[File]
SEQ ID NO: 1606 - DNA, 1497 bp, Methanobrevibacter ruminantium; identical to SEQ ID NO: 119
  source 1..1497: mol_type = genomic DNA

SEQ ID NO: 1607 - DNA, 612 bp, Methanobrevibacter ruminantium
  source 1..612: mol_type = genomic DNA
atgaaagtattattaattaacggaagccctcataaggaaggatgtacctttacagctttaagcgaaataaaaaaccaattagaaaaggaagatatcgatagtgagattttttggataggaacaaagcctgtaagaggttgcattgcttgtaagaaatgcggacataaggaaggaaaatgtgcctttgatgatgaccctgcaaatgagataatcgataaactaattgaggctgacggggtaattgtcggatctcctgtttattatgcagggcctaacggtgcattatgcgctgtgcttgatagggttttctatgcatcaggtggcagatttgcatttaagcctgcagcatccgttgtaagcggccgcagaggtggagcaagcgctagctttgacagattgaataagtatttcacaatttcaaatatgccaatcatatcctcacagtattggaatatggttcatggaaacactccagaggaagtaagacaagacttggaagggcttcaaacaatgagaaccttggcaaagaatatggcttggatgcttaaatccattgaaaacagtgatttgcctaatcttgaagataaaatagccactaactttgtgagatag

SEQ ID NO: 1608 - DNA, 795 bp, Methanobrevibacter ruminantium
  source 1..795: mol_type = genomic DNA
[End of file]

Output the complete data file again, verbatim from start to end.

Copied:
SEQ ID NO: 1606 - DNA, 1497 bp, Methanobrevibacter ruminantium; identical to SEQ ID NO: 119
  source 1..1497: mol_type = genomic DNA

SEQ ID NO: 1607 - DNA, 612 bp, Methanobrevibacter ruminantium
  source 1..612: mol_type = genomic DNA
atgaaagtattattaattaacggaagccctcataaggaaggatgtacctttacagctttaagcgaaataaaaaaccaattagaaaaggaagatatcgatagtgagattttttggataggaacaaagcctgtaagaggttgcattgcttgtaagaaatgcggacataaggaaggaaaatgtgcctttgatgatgaccctgcaaatgagataatcgataaactaattgaggctgacggggtaattgtcggatctcctgtttattatgcagggcctaacggtgcattatgcgctgtgcttgatagggttttctatgcatcaggtggcagatttgcatttaagcctgcagcatccgttgtaagcggccgcagaggtggagcaagcgctagctttgacagattgaataagtatttcacaatttcaaatatgccaatcatatcctcacagtattggaatatggttcatggaaacactccagaggaagtaagacaagacttggaagggcttcaaacaatgagaaccttggcaaagaatatggcttggatgcttaaatccattgaaaacagtgatttgcctaatcttgaagataaaatagccactaactttgtgagatag

SEQ ID NO: 1608 - DNA, 795 bp, Methanobrevibacter ruminantium
  source 1..795: mol_type = genomic DNA